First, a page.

‘Arabic Booker’: The Fight, The Bet

In an interesting and highly entertaining piece for The National, Beirut 39er Youssef Rakha reviews the controversies and conspiracy theories surrounding the International Prize for Arabic Fiction—the “Arabic Booker”—now in its third year.

Rakha generally does not find a conspiracy, just a flawed process led by (flawed, wouldn’t you know it?) human beings. Of course, if he were to posit a conspiracy, this is what it would be:

“If there is a common thread that connects the first two winners – each of which, it should be added, was chosen by a separate jury – it is that both stand as affirmations of a pluralistic and liberal value system, one that generally looks positively at the encounters between East and West: in Sunset Oasis, the equality of the races and the right to (national and personal) freedom despite the horrors of colonialism; in Azazeel, the importance of tolerance and understanding in the face of dogma and religious extremism.”

In keeping with said policy (which may well be the case—why not?), Rakha pinpoints this year’s likely winner as Rabie al Madhoun’s The Lady from Tel Aviv.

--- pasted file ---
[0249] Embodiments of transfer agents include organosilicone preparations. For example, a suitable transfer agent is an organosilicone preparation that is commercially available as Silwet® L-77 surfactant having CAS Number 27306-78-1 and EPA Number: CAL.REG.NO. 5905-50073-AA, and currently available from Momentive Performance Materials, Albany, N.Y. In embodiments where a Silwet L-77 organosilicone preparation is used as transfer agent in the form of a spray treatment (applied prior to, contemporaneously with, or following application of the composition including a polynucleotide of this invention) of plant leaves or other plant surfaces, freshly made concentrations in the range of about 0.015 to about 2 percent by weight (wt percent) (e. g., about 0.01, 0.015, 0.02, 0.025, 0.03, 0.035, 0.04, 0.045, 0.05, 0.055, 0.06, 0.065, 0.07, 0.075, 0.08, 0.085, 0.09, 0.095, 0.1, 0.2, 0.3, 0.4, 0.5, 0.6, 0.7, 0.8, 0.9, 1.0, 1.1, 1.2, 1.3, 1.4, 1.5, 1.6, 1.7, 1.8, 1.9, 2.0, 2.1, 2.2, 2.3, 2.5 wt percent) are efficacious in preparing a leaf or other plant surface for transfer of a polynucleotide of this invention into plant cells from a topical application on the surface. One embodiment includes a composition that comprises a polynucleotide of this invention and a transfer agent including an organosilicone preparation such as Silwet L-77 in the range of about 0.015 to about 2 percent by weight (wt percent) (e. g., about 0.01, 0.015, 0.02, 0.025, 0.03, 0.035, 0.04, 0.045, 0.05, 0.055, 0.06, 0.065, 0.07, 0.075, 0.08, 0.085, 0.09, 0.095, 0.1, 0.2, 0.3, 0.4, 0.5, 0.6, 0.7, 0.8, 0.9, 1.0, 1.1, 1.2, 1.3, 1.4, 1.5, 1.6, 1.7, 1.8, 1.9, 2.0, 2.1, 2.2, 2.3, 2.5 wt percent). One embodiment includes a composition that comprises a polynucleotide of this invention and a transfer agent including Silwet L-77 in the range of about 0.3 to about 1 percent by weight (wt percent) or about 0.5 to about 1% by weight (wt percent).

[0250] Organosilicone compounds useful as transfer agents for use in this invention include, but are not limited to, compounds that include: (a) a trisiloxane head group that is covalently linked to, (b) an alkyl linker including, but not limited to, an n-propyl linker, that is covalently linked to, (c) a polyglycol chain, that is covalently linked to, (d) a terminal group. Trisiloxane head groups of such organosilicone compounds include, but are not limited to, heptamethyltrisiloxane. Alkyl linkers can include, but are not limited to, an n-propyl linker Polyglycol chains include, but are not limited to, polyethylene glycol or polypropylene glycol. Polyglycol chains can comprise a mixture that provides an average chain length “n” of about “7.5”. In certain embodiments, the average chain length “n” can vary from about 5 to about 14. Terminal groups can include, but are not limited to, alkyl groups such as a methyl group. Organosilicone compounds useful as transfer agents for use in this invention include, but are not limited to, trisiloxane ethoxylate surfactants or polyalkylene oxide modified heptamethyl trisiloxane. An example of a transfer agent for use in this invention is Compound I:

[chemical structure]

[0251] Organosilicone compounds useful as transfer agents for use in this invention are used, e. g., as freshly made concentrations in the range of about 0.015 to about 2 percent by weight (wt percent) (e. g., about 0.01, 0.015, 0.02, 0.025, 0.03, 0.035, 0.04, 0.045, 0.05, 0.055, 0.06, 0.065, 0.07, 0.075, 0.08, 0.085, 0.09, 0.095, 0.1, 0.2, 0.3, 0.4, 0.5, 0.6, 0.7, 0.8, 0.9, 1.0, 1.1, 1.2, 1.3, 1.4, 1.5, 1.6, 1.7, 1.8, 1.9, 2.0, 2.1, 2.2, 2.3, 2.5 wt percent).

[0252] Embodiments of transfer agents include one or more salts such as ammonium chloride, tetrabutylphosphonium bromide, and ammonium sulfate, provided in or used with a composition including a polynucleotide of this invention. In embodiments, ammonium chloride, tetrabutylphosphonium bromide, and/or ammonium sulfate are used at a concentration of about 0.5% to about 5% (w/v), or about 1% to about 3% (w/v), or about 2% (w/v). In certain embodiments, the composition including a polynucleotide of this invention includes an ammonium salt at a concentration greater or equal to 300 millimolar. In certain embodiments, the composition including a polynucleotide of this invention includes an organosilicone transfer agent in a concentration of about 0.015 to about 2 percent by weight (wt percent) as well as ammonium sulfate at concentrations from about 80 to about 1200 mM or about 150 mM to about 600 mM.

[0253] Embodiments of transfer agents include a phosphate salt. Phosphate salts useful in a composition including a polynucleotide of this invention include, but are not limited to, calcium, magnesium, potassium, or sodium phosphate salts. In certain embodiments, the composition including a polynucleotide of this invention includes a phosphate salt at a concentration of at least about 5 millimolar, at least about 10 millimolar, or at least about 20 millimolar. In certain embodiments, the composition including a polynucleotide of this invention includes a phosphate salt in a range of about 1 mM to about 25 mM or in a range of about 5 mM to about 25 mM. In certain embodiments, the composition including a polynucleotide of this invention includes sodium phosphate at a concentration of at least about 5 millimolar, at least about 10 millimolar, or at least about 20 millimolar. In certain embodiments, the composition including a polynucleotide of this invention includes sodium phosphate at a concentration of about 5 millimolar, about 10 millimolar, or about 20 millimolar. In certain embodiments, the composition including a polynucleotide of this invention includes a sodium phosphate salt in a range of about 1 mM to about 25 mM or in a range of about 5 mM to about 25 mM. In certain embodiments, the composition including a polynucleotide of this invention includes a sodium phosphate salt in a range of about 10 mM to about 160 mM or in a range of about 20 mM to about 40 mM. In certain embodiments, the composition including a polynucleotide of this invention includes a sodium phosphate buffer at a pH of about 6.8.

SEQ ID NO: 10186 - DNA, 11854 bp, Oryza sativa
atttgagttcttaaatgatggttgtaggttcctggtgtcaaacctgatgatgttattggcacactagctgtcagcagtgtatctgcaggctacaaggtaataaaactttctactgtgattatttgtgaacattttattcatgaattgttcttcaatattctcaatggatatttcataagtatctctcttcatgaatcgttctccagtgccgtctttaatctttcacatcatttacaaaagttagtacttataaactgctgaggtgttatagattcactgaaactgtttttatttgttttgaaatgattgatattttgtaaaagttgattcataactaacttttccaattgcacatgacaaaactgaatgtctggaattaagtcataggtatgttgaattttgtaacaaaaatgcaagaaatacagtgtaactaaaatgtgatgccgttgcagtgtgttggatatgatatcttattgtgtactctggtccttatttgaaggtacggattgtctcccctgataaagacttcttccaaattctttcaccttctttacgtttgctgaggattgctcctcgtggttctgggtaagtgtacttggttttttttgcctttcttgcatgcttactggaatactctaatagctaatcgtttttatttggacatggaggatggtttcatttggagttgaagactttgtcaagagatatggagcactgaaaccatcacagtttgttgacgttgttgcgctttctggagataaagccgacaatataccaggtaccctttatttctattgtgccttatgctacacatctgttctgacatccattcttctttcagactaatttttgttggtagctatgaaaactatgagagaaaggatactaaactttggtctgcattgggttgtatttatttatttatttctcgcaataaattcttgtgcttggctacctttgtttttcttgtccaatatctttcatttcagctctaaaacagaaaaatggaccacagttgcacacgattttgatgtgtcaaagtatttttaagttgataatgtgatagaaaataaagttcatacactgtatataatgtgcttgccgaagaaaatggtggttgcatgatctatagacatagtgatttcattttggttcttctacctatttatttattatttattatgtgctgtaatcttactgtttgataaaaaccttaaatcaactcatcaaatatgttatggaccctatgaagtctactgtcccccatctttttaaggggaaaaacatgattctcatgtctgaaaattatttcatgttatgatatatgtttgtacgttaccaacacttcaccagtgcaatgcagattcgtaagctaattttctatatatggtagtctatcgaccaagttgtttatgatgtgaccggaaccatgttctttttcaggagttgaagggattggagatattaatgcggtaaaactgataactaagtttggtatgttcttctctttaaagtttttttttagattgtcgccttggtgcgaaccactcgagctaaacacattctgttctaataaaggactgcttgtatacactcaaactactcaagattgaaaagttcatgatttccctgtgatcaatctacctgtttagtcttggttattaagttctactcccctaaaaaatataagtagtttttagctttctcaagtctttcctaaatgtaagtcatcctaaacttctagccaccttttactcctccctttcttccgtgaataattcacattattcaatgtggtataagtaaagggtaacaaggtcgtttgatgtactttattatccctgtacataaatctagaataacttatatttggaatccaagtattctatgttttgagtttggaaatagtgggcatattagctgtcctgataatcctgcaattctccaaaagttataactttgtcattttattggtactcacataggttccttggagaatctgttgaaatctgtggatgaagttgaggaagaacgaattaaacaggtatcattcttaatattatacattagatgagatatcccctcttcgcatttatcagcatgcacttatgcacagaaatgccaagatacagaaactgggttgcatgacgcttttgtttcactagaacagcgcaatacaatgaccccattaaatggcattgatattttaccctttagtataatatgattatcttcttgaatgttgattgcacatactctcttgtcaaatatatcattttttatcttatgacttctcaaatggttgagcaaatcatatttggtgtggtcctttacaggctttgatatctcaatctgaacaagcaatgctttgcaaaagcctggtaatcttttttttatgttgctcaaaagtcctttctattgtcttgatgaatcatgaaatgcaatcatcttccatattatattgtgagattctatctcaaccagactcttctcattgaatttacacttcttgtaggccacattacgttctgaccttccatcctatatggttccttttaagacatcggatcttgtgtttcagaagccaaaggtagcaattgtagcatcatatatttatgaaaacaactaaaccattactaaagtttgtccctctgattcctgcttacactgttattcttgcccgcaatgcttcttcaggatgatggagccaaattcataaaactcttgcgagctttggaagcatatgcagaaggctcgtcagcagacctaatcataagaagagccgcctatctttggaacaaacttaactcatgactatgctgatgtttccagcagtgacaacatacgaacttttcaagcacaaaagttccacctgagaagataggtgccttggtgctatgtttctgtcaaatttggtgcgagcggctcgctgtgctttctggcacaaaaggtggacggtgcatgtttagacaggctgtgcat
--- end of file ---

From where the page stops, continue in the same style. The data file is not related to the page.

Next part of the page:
On the other hand, Rakha notes, maybe the smart money’s on Abdo Khal‘s She Throws Sparks.

“Khal is the most established and celebrated writer on the shortlist, and one might be forgiven for expecting the jury to embrace the least contentious choice after so much public acrimony.”

However, he notes:

“But Khal’s book is not without its own potential for controversy, and it has little to offer in the way of cross-cultural pieties or the tolerance afforded by such encounters.”

Although I probably should shake my head and bemoan all this manufactured controversy, in fact, I love it. To me, it shows how relevant and important these issues are. And hey, no guns or bombs involved. Let the controversy continue!

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